Teacher, teacher

Something is missing from this DCT adaptation

With all the recent publicity about school shootings, a story about a classroom terrorized by a sadistic, witchy substitute teacher seems quaintly anachronistic -- no Goth makeup, no consciences deadened by video-game violence, just disruptive little tykes who love recess and hate homework. I couldn't help but wonder how many other adults who sat in the audience of Miss Nelson Is Missing, presented by Dallas Children's Theatre, were thinking about this and sending a silent prayer of thanks that the kids they had in tow were being reintroduced to a concept -- a teacher holding a vice-like control over her classroom -- that, we are told ad nauseam, does not reflect their reality.

Miss Nelson Is Missing was adapted from Harry Allard's book by Jeffrey Hatcher, whose prolific adaptations for the adult stage, including his marvelous two-person version of Henry James' The Turn of the Screw, evince a wicked playfulness and a fairy-tale manipulation of time and identity. Maybe seeing Hatcher's name attached here, I was hoping for a bit more of that sly unpredictability. As is, DCT's Miss Nelson Is Missing is a perfectly serviceable, not-as-smart-as-it-could-be look at how a rowdy crowd of grade-schoolers (played here by adults Derik Webb, Lane Pianta, David Joy, Amy Shoults, Kelly Abbott, Kate Blackstone, and Karl Schaeffer) are whipped into whimpering submission when their pushover teacher Miss Nelson (Linda Daugherty) is replaced by the wart-bedecked, sour-faced, cackling Miss Swamp (also Daugherty), who assigns homework by the pound and refuses them recess and story-time privileges. It's comic aversion therapy, of course -- the kids buckle down and study to get Miss Swamp off their backs, meanwhile conducting a nighttime search to locate their suddenly beloved Miss Nelson.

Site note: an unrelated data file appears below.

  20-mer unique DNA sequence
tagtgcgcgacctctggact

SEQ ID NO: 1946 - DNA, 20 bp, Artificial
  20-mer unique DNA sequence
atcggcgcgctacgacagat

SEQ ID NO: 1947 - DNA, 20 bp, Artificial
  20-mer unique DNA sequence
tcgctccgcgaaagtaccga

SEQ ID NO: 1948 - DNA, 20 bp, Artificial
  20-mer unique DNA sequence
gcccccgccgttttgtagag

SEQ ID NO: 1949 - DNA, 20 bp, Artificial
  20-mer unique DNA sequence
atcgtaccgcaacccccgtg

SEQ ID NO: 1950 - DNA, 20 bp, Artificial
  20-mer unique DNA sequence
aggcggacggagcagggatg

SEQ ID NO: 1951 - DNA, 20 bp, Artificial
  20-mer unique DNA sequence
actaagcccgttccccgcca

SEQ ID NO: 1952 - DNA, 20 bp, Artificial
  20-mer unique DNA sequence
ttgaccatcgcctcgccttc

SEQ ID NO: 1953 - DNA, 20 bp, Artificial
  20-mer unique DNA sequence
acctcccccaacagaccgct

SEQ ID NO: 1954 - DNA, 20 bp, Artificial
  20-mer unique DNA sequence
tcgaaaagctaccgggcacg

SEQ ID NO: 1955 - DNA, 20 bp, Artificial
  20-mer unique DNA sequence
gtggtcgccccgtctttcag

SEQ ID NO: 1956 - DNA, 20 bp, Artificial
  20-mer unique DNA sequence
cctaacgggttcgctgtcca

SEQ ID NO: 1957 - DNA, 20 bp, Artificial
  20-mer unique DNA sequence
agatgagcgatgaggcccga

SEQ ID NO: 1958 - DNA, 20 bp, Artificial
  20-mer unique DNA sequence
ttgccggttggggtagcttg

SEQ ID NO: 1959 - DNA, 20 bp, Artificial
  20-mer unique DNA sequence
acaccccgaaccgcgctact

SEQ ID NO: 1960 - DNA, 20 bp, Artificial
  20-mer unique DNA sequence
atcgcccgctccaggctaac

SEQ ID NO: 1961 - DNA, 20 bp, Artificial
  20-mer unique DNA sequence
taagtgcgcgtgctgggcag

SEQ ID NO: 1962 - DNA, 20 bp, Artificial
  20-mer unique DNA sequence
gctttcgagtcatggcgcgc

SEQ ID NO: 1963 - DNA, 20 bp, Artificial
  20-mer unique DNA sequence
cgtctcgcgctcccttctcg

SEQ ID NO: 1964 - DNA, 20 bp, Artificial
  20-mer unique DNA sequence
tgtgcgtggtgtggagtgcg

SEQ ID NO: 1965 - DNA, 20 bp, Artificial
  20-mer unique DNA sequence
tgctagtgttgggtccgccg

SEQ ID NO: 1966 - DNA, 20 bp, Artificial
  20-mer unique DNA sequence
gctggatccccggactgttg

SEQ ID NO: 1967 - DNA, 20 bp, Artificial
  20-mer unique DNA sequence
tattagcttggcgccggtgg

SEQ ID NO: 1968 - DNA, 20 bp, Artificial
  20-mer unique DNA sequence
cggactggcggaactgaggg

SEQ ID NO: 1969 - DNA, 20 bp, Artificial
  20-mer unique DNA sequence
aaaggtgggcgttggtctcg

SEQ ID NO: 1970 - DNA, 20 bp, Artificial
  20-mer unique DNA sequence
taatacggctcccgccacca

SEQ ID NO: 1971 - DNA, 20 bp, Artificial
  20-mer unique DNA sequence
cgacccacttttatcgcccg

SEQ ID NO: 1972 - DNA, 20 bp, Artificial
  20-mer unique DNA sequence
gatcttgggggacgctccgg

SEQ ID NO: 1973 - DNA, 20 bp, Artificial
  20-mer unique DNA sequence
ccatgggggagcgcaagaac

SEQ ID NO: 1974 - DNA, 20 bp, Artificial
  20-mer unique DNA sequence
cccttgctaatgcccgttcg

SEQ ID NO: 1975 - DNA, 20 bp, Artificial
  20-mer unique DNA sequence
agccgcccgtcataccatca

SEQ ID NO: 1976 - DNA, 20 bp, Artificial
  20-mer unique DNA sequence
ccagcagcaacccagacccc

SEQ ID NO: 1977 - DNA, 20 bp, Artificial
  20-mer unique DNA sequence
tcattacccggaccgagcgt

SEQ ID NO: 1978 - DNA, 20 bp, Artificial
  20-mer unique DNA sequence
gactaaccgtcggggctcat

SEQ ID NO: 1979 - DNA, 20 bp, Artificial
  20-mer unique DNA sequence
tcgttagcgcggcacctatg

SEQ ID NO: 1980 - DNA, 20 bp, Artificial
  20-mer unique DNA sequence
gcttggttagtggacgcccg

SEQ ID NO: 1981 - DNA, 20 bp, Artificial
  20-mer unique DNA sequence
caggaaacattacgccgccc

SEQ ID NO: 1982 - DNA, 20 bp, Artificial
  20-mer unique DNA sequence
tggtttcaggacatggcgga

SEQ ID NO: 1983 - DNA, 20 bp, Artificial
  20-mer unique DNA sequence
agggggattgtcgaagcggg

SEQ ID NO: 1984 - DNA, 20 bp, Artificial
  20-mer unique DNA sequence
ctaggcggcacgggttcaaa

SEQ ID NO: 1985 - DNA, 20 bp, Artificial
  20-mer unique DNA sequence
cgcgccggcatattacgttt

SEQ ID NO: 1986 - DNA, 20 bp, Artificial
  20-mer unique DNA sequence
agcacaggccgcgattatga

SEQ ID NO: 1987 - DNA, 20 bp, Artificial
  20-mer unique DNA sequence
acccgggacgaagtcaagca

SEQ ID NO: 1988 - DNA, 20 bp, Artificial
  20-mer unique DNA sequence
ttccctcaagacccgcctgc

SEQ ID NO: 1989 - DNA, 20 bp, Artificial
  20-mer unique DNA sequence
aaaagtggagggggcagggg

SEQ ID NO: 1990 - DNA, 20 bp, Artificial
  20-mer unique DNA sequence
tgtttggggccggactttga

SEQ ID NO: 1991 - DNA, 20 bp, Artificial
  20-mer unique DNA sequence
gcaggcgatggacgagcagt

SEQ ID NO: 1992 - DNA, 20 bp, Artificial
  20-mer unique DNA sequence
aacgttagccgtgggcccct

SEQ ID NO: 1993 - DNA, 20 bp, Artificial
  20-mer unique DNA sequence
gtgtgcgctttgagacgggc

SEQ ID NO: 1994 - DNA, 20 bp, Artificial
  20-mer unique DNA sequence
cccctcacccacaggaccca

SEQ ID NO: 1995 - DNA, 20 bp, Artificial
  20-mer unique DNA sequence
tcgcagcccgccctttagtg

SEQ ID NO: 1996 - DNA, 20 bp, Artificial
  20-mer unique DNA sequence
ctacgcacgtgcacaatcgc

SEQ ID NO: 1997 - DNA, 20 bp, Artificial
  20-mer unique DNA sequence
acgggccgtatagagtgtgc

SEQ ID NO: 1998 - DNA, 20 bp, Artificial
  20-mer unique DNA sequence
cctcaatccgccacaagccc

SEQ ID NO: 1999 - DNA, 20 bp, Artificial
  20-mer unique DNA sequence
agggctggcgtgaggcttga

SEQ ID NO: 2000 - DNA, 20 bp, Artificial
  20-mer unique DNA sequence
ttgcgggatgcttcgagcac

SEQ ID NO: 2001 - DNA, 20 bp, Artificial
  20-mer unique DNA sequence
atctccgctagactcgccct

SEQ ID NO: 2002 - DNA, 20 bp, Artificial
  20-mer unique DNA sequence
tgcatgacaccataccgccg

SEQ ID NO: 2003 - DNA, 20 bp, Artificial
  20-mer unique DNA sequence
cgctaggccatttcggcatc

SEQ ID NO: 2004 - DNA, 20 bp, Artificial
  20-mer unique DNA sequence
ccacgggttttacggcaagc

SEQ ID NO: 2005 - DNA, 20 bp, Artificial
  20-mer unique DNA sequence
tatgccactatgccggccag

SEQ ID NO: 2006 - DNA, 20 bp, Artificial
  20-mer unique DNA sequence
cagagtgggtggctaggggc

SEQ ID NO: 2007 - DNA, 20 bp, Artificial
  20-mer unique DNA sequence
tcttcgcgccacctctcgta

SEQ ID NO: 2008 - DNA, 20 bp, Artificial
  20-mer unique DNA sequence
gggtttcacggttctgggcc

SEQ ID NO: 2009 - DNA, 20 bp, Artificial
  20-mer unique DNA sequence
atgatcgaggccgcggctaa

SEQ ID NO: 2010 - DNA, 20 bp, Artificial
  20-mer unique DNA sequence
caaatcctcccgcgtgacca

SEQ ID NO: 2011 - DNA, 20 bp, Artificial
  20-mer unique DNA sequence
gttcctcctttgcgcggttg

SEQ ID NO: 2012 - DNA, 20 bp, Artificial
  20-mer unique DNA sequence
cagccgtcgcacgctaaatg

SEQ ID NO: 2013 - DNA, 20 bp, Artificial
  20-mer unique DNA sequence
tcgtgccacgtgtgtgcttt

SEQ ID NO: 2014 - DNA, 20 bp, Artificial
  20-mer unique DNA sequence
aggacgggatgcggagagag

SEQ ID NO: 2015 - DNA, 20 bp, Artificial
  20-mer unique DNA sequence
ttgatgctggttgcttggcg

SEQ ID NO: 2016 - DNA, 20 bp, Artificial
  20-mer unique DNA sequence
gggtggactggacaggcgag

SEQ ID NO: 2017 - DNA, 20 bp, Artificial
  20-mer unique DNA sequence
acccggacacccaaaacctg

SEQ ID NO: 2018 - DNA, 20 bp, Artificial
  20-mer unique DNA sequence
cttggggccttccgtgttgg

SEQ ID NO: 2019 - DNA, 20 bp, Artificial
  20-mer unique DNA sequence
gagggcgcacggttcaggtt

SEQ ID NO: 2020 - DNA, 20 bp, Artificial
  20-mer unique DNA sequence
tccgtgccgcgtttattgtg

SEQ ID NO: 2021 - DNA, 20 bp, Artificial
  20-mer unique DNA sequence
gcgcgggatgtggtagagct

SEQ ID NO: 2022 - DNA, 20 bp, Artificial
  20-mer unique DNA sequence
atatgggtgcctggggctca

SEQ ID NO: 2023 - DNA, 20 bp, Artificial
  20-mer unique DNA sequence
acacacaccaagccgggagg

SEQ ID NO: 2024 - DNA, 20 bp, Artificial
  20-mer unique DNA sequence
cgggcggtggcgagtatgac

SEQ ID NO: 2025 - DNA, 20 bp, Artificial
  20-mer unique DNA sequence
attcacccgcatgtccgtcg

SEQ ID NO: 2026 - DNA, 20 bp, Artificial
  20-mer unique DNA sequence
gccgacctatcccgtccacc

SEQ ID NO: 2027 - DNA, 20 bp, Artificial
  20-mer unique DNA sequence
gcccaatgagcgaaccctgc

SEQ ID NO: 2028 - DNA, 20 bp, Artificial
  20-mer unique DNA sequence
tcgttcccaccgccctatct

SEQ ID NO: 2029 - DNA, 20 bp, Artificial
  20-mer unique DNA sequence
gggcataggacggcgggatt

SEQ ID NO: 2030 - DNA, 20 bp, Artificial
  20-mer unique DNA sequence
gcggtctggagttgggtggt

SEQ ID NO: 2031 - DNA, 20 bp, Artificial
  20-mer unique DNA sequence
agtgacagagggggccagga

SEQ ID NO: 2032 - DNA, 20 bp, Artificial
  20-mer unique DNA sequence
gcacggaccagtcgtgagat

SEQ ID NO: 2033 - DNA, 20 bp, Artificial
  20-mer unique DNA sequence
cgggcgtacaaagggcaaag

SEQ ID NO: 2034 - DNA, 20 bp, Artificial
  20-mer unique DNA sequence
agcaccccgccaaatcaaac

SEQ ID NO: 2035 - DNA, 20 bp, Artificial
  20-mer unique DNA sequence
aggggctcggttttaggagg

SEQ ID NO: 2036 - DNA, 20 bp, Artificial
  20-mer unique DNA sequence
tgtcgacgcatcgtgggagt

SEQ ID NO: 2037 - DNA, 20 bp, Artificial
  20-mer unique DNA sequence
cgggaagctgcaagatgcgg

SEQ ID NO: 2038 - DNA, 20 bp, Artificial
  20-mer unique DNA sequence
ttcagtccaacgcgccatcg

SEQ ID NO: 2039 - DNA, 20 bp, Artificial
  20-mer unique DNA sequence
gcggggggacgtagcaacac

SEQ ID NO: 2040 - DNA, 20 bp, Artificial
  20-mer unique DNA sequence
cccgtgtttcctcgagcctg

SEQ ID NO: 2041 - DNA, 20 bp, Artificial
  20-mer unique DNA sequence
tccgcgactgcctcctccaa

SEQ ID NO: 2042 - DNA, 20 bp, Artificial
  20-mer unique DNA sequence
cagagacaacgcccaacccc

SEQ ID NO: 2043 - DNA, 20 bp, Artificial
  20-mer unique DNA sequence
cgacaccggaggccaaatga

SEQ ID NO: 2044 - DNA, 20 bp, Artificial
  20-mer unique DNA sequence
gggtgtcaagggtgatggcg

The cast members of Miss Nelson Is Missing, under the direction of Nancy Shaeffer, range from inspired (Lane Pianta as Raymond makes a surprisingly touching geek hero as he plumbs unexpected resources in the hunt for the teacher he never appreciated) to the annoying (Karl Schaeffer as Elvis, who admittedly gets the most laughs here but started to fray my nerves with a show-long impersonation of the King). In the dual role of Miss Nelson and Miss Swamp, Daugherty also reflects extremes of satisfaction and dissatisfaction. I wanted to see her Miss Nelson be less sad-sack and more obliviously dippy a la the hilarious, zoned-out expression of bliss she wears on the "Missing" poster that graces the program cover. Meanwhile, her Viola Swamp was a lot more to my tastes, with a voice and a wide-legged stride like Marjorie Main and a malicious pleasure in forcing geography and arithmetic down the throats of her tender young charges. This performance reflected the kind of irreverent invention that can be found in Louis Sachar's Sideways Stories From Wayside School -- one of my favorite books as a kid -- that never falls out of favor with young ones. If our classrooms have indeed turned into war zones, I'd hate for parents and educators to react by taking security measures against their kids' imaginations -- one of the few places where nasty things happen to nasty people in deliciously nasty ways, and we can all feel better for it.

 
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